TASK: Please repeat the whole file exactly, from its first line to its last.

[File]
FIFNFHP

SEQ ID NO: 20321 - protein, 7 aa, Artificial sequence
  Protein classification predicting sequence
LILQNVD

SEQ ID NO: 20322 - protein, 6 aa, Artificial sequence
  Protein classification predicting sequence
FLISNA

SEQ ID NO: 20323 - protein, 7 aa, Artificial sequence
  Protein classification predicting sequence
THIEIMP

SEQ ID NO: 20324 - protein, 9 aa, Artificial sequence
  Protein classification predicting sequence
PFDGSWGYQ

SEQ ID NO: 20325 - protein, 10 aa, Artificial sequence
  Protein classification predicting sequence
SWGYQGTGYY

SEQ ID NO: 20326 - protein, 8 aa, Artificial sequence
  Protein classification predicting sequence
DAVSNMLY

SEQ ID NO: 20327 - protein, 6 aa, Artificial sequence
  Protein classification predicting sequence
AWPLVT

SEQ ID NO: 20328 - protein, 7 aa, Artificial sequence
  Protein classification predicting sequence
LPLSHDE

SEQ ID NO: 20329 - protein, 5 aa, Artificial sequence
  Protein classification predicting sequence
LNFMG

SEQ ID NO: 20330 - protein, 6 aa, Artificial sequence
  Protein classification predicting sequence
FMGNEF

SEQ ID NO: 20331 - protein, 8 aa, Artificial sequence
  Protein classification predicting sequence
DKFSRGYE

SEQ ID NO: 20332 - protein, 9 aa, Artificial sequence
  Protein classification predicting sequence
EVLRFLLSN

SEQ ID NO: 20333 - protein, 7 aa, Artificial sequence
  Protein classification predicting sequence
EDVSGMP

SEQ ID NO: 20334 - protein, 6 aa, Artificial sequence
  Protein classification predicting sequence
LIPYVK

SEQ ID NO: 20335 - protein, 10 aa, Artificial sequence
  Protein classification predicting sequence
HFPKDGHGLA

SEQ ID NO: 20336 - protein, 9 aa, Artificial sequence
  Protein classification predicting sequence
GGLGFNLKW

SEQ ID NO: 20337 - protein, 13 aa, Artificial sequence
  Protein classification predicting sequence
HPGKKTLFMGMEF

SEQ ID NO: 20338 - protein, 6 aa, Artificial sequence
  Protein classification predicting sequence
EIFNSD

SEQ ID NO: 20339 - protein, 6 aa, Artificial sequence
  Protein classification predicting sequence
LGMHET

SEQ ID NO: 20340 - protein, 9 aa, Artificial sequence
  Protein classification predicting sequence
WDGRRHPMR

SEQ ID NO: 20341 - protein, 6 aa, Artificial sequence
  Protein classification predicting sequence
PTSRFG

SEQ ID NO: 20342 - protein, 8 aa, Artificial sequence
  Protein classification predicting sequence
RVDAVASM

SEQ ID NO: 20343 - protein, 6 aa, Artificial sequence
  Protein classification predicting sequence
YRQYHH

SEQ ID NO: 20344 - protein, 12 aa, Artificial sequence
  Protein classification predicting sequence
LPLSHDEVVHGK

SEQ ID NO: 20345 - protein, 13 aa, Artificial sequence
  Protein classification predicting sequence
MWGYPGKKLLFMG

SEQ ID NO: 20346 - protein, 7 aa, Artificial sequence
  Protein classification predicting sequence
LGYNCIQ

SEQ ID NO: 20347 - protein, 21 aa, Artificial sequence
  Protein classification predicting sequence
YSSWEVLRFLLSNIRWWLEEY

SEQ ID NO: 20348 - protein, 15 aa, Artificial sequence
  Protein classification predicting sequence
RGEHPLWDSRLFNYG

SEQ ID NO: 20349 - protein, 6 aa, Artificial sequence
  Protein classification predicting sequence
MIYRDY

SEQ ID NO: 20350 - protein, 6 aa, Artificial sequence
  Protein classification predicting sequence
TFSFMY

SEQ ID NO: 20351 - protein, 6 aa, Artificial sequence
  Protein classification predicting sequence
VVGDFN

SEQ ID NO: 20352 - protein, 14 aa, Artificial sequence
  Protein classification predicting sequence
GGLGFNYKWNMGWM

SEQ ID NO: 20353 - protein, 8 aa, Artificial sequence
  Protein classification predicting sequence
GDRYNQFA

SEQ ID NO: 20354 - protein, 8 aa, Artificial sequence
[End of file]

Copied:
FIFNFHP

SEQ ID NO: 20321 - protein, 7 aa, Artificial sequence
  Protein classification predicting sequence
LILQNVD

SEQ ID NO: 20322 - protein, 6 aa, Artificial sequence
  Protein classification predicting sequence
FLISNA

SEQ ID NO: 20323 - protein, 7 aa, Artificial sequence
  Protein classification predicting sequence
THIEIMP

SEQ ID NO: 20324 - protein, 9 aa, Artificial sequence
  Protein classification predicting sequence
PFDGSWGYQ

SEQ ID NO: 20325 - protein, 10 aa, Artificial sequence
  Protein classification predicting sequence
SWGYQGTGYY

SEQ ID NO: 20326 - protein, 8 aa, Artificial sequence
  Protein classification predicting sequence
DAVSNMLY

SEQ ID NO: 20327 - protein, 6 aa, Artificial sequence
  Protein classification predicting sequence
AWPLVT

SEQ ID NO: 20328 - protein, 7 aa, Artificial sequence
  Protein classification predicting sequence
LPLSHDE

SEQ ID NO: 20329 - protein, 5 aa, Artificial sequence
  Protein classification predicting sequence
LNFMG

SEQ ID NO: 20330 - protein, 6 aa, Artificial sequence
  Protein classification predicting sequence
FMGNEF

SEQ ID NO: 20331 - protein, 8 aa, Artificial sequence
  Protein classification predicting sequence
DKFSRGYE

SEQ ID NO: 20332 - protein, 9 aa, Artificial sequence
  Protein classification predicting sequence
EVLRFLLSN

SEQ ID NO: 20333 - protein, 7 aa, Artificial sequence
  Protein classification predicting sequence
EDVSGMP

SEQ ID NO: 20334 - protein, 6 aa, Artificial sequence
  Protein classification predicting sequence
LIPYVK

SEQ ID NO: 20335 - protein, 10 aa, Artificial sequence
  Protein classification predicting sequence
HFPKDGHGLA

SEQ ID NO: 20336 - protein, 9 aa, Artificial sequence
  Protein classification predicting sequence
GGLGFNLKW

SEQ ID NO: 20337 - protein, 13 aa, Artificial sequence
  Protein classification predicting sequence
HPGKKTLFMGMEF

SEQ ID NO: 20338 - protein, 6 aa, Artificial sequence
  Protein classification predicting sequence
EIFNSD

SEQ ID NO: 20339 - protein, 6 aa, Artificial sequence
  Protein classification predicting sequence
LGMHET

SEQ ID NO: 20340 - protein, 9 aa, Artificial sequence
  Protein classification predicting sequence
WDGRRHPMR

SEQ ID NO: 20341 - protein, 6 aa, Artificial sequence
  Protein classification predicting sequence
PTSRFG

SEQ ID NO: 20342 - protein, 8 aa, Artificial sequence
  Protein classification predicting sequence
RVDAVASM

SEQ ID NO: 20343 - protein, 6 aa, Artificial sequence
  Protein classification predicting sequence
YRQYHH

SEQ ID NO: 20344 - protein, 12 aa, Artificial sequence
  Protein classification predicting sequence
LPLSHDEVVHGK

SEQ ID NO: 20345 - protein, 13 aa, Artificial sequence
  Protein classification predicting sequence
MWGYPGKKLLFMG

SEQ ID NO: 20346 - protein, 7 aa, Artificial sequence
  Protein classification predicting sequence
LGYNCIQ

SEQ ID NO: 20347 - protein, 21 aa, Artificial sequence
  Protein classification predicting sequence
YSSWEVLRFLLSNIRWWLEEY

SEQ ID NO: 20348 - protein, 15 aa, Artificial sequence
  Protein classification predicting sequence
RGEHPLWDSRLFNYG

SEQ ID NO: 20349 - protein, 6 aa, Artificial sequence
  Protein classification predicting sequence
MIYRDY

SEQ ID NO: 20350 - protein, 6 aa, Artificial sequence
  Protein classification predicting sequence
TFSFMY

SEQ ID NO: 20351 - protein, 6 aa, Artificial sequence
  Protein classification predicting sequence
VVGDFN

SEQ ID NO: 20352 - protein, 14 aa, Artificial sequence
  Protein classification predicting sequence
GGLGFNYKWNMGWM

SEQ ID NO: 20353 - protein, 8 aa, Artificial sequence
  Protein classification predicting sequence
GDRYNQFA

SEQ ID NO: 20354 - protein, 8 aa, Artificial sequence